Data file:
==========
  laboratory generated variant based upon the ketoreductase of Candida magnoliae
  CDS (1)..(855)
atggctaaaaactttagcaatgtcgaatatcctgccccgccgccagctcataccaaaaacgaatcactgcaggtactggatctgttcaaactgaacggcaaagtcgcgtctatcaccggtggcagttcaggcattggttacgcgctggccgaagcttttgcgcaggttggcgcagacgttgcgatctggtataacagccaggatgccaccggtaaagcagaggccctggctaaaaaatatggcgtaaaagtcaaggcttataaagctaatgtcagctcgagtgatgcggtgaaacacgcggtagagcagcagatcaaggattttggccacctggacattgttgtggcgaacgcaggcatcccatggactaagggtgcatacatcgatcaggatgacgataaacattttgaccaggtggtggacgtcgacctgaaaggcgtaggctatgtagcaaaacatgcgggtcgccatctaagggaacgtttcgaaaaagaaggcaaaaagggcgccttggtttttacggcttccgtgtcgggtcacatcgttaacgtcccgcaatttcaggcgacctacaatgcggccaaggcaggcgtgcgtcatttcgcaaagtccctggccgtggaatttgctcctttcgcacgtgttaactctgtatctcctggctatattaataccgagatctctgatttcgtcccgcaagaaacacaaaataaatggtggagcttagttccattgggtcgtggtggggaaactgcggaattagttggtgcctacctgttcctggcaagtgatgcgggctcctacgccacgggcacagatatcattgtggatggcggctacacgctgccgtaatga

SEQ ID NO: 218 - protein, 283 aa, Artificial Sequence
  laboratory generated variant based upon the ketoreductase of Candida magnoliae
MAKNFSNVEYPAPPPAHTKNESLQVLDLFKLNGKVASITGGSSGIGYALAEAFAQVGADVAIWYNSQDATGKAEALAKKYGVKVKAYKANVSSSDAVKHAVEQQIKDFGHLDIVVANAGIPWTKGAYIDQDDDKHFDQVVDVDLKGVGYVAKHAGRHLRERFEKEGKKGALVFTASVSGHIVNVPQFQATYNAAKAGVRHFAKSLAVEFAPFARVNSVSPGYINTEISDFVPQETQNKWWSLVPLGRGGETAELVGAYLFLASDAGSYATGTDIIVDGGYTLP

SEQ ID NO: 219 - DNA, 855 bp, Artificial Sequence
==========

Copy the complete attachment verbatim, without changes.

  laboratory generated variant based upon the ketoreductase of Candida magnoliae
  CDS (1)..(855)
atggctaaaaactttagcaatgtcgaatatcctgccccgccgccagctcataccaaaaacgaatcactgcaggtactggatctgttcaaactgaacggcaaagtcgcgtctatcaccggtggcagttcaggcattggttacgcgctggccgaagcttttgcgcaggttggcgcagacgttgcgatctggtataacagccaggatgccaccggtaaagcagaggccctggctaaaaaatatggcgtaaaagtcaaggcttataaagctaatgtcagctcgagtgatgcggtgaaacacgcggtagagcagcagatcaaggattttggccacctggacattgttgtggcgaacgcaggcatcccatggactaagggtgcatacatcgatcaggatgacgataaacattttgaccaggtggtggacgtcgacctgaaaggcgtaggctatgtagcaaaacatgcgggtcgccatctaagggaacgtttcgaaaaagaaggcaaaaagggcgccttggtttttacggcttccgtgtcgggtcacatcgttaacgtcccgcaatttcaggcgacctacaatgcggccaaggcaggcgtgcgtcatttcgcaaagtccctggccgtggaatttgctcctttcgcacgtgttaactctgtatctcctggctatattaataccgagatctctgatttcgtcccgcaagaaacacaaaataaatggtggagcttagttccattgggtcgtggtggggaaactgcggaattagttggtgcctacctgttcctggcaagtgatgcgggctcctacgccacgggcacagatatcattgtggatggcggctacacgctgccgtaatga

SEQ ID NO: 218 - protein, 283 aa, Artificial Sequence
  laboratory generated variant based upon the ketoreductase of Candida magnoliae
MAKNFSNVEYPAPPPAHTKNESLQVLDLFKLNGKVASITGGSSGIGYALAEAFAQVGADVAIWYNSQDATGKAEALAKKYGVKVKAYKANVSSSDAVKHAVEQQIKDFGHLDIVVANAGIPWTKGAYIDQDDDKHFDQVVDVDLKGVGYVAKHAGRHLRERFEKEGKKGALVFTASVSGHIVNVPQFQATYNAAKAGVRHFAKSLAVEFAPFARVNSVSPGYINTEISDFVPQETQNKWWSLVPLGRGGETAELVGAYLFLASDAGSYATGTDIIVDGGYTLP

SEQ ID NO: 219 - DNA, 855 bp, Artificial Sequence